Under new amendments to the Wage Payment Law, employers with at least 10 employees must provide additional information on the deductions statement. Employees should already be receiving a statement for the pay periods that deductions are made. The following information should be added to the employee’s statements:

  • Gross wages
  • Net wages
  • Rate of pay
  • If necessary, the number of hours worked for the pay period

Employers who violate this new requirement could see an initial penalty of $250 and up to $500 for any following violations.

How:

  • Determine if you’re already providing this information in your employees’ deduction statements. If you’re not already providing this information, update your payroll processing procedures to accommodate these new requirements.

Additional Resource

S1791

New York City Requires Independent Contractors Receive Annual Anti-Harassment Training

Who: New York businesses who employ independent contractors

When: Effective Immediately

What:

The New York City Commission on Human Rights recently changed its guidance about the annual anti-sexual harassment training requirements in a Frequently Asked Questions document.

The City Commission updated language to say that independent contractors must receive the annual training from the hiring company or take the training on their own. Businesses should provide the training or require proof that contractors have taken it.

Independent contractors don’t need to be trained if they have worked less than 80 hours in a year or less than 90 days.

Independent contractors count as employees in order to reach the 15 employee minimum and those individuals don’t need to be located in New York City in order to count.

How:

  • If you work with independent contractors, determine how to ensure your contractors receive anti-sexual harassment whether your company administers the training or you require proof of training from the contractors.

Additional Resources

NYC Act Stop Sexual Harassment FAQs

NYC Sexual Harassment Training

New York City’s Ban on Pre-Employment Marijuana Testing Starts May 10

Who: New York City employers

When: May 10, 2020

What:

A 2019 law will take effect on May 10 prohibiting employers from testing job applicants from for marijuana or Tetrahydrocannabinol (THC) as an employment terms.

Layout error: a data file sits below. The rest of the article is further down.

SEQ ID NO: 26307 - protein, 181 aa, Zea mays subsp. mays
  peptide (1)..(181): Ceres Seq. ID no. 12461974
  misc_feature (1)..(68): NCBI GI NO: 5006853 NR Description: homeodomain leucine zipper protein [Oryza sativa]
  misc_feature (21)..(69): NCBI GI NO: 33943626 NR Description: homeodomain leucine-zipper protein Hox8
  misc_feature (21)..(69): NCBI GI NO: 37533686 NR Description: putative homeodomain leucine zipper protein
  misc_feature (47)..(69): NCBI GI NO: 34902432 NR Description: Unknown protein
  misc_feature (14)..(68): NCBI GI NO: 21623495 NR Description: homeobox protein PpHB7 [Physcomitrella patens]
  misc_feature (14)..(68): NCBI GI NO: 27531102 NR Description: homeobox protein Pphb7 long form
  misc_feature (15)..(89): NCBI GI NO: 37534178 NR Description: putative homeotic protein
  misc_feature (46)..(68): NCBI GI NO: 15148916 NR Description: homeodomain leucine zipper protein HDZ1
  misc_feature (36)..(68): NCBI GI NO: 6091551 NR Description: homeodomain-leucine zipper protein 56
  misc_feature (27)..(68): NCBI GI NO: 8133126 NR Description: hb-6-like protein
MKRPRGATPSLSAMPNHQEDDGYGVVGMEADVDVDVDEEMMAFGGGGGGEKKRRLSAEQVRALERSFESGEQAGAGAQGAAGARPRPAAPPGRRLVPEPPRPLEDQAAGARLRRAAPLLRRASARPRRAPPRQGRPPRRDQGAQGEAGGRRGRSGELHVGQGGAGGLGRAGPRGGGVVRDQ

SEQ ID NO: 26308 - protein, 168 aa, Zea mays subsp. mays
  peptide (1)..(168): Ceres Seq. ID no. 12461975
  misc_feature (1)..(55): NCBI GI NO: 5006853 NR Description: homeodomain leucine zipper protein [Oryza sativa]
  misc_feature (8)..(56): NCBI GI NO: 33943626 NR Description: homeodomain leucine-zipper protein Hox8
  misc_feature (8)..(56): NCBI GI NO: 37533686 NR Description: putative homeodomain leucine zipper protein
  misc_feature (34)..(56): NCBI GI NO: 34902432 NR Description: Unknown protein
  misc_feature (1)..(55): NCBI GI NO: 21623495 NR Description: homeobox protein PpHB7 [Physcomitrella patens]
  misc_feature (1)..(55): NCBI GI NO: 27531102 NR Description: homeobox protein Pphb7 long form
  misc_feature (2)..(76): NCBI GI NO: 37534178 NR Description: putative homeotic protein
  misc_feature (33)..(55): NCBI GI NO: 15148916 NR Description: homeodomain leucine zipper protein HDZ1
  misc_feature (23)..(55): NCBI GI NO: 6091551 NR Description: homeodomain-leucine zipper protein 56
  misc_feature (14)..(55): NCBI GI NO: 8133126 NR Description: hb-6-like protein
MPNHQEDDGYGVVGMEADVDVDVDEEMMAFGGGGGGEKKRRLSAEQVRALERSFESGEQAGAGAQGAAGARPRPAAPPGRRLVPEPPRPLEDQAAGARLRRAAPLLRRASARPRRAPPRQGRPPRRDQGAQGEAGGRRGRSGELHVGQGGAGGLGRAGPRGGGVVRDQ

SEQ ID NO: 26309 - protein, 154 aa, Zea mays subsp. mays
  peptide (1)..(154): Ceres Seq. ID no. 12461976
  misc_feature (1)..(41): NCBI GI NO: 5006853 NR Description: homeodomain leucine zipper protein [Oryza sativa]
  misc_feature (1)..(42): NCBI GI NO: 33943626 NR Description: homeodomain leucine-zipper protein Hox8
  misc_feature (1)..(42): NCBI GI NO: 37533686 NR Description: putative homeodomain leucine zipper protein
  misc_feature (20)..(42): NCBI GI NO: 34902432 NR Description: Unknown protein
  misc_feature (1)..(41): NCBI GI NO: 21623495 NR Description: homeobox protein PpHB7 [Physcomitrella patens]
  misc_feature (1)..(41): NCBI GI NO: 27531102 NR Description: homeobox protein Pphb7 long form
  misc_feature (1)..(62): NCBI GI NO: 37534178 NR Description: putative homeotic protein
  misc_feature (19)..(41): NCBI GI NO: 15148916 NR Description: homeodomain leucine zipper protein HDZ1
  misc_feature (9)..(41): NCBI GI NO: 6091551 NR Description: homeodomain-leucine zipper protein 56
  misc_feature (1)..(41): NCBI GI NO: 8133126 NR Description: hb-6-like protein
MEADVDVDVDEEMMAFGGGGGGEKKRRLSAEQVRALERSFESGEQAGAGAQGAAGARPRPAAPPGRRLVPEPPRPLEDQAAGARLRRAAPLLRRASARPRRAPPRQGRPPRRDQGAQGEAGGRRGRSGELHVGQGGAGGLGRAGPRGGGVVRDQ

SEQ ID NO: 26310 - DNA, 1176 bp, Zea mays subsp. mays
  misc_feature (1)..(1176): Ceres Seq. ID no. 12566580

Certain jobs are excluded from the ban:

  • Law enforcement positions like police and peace officers or investigative jobs
  • Construction and maintenance positions that are connected with Section 3321 of the New York City Building Code or Section 220-h of the Labor Law.
  • Jobs that require a commercial driver’s license
  • Jobs that supervise or care for children, medical patients, or other vulnerable populations that are defined in Social Services Law Section 488(15)
  • Jobs that have a significant impact on public health and safety, which are determined by the commissioner on City Administrative Services, identified on the City Administrative Services website, or the chairman that is identified by the commission’s regulations.

There are also exclusions to drug testing that’s required by:

  • U.S. Department of Transportation’s (DOT) pre-employment drug testing or any state or city that adopts the DOT rules.
  • Federal contracts between a government agency and employer or financial assistance grants that may require drug testing as a contract or grant term.
  • Federal or state statutes related to safety and security
  • Prospective employers with a valid collective bargaining agreement that addresses pre-employment drug testing

How:

  • Review your current job application and drug testing process and update it to comply with the new law.
  • Consult with legal counsel to ensure that your policies and procedures are in compliance.
  • Educate hiring managers about this new regulation to ensure their compliance.